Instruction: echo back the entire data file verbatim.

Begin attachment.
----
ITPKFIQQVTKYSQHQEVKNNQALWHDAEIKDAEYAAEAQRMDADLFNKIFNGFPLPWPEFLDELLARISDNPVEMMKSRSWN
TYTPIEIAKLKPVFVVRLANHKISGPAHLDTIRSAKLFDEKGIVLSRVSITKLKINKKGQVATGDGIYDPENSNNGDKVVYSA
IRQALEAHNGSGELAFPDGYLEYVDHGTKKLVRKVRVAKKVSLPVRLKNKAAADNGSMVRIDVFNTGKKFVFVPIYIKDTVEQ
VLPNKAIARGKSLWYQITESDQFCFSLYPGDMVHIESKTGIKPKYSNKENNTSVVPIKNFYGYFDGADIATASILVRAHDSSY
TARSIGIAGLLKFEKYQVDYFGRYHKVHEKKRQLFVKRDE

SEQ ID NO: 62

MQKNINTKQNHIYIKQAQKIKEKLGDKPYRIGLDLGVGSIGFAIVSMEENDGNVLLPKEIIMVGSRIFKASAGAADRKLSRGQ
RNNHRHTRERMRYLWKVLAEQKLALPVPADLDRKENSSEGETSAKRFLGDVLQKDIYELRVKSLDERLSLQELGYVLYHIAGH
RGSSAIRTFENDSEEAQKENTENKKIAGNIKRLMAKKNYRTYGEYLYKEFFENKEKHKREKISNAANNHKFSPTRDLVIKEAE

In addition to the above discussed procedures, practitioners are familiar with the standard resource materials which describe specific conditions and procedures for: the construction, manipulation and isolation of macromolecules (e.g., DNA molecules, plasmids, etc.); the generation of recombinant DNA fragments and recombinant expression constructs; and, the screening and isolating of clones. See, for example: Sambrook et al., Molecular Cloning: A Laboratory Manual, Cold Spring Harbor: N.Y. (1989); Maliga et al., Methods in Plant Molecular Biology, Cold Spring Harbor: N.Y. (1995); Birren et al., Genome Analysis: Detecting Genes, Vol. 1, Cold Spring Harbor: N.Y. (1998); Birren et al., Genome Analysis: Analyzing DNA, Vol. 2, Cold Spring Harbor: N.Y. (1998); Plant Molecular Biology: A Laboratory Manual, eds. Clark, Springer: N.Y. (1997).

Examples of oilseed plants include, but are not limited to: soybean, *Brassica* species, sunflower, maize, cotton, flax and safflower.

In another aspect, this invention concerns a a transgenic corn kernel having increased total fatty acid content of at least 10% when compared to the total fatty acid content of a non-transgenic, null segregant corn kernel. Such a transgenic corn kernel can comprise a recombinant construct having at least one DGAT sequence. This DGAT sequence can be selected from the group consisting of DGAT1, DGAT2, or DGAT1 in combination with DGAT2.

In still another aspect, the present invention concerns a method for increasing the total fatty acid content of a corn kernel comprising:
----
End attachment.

ITPKFIQQVTKYSQHQEVKNNQALWHDAEIKDAEYAAEAQRMDADLFNKIFNGFPLPWPEFLDELLARISDNPVEMMKSRSWN
TYTPIEIAKLKPVFVVRLANHKISGPAHLDTIRSAKLFDEKGIVLSRVSITKLKINKKGQVATGDGIYDPENSNNGDKVVYSA
IRQALEAHNGSGELAFPDGYLEYVDHGTKKLVRKVRVAKKVSLPVRLKNKAAADNGSMVRIDVFNTGKKFVFVPIYIKDTVEQ
VLPNKAIARGKSLWYQITESDQFCFSLYPGDMVHIESKTGIKPKYSNKENNTSVVPIKNFYGYFDGADIATASILVRAHDSSY
TARSIGIAGLLKFEKYQVDYFGRYHKVHEKKRQLFVKRDE

SEQ ID NO: 62

MQKNINTKQNHIYIKQAQKIKEKLGDKPYRIGLDLGVGSIGFAIVSMEENDGNVLLPKEIIMVGSRIFKASAGAADRKLSRGQ
RNNHRHTRERMRYLWKVLAEQKLALPVPADLDRKENSSEGETSAKRFLGDVLQKDIYELRVKSLDERLSLQELGYVLYHIAGH
RGSSAIRTFENDSEEAQKENTENKKIAGNIKRLMAKKNYRTYGEYLYKEFFENKEKHKREKISNAANNHKFSPTRDLVIKEAE

In addition to the above discussed procedures, practitioners are familiar with the standard resource materials which describe specific conditions and procedures for: the construction, manipulation and isolation of macromolecules (e.g., DNA molecules, plasmids, etc.); the generation of recombinant DNA fragments and recombinant expression constructs; and, the screening and isolating of clones. See, for example: Sambrook et al., Molecular Cloning: A Laboratory Manual, Cold Spring Harbor: N.Y. (1989); Maliga et al., Methods in Plant Molecular Biology, Cold Spring Harbor: N.Y. (1995); Birren et al., Genome Analysis: Detecting Genes, Vol. 1, Cold Spring Harbor: N.Y. (1998); Birren et al., Genome Analysis: Analyzing DNA, Vol. 2, Cold Spring Harbor: N.Y. (1998); Plant Molecular Biology: A Laboratory Manual, eds. Clark, Springer: N.Y. (1997).

Examples of oilseed plants include, but are not limited to: soybean, *Brassica* species, sunflower, maize, cotton, flax and safflower.

In another aspect, this invention concerns a a transgenic corn kernel having increased total fatty acid content of at least 10% when compared to the total fatty acid content of a non-transgenic, null segregant corn kernel. Such a transgenic corn kernel can comprise a recombinant construct having at least one DGAT sequence. This DGAT sequence can be selected from the group consisting of DGAT1, DGAT2, or DGAT1 in combination with DGAT2.

In still another aspect, the present invention concerns a method for increasing the total fatty acid content of a corn kernel comprising: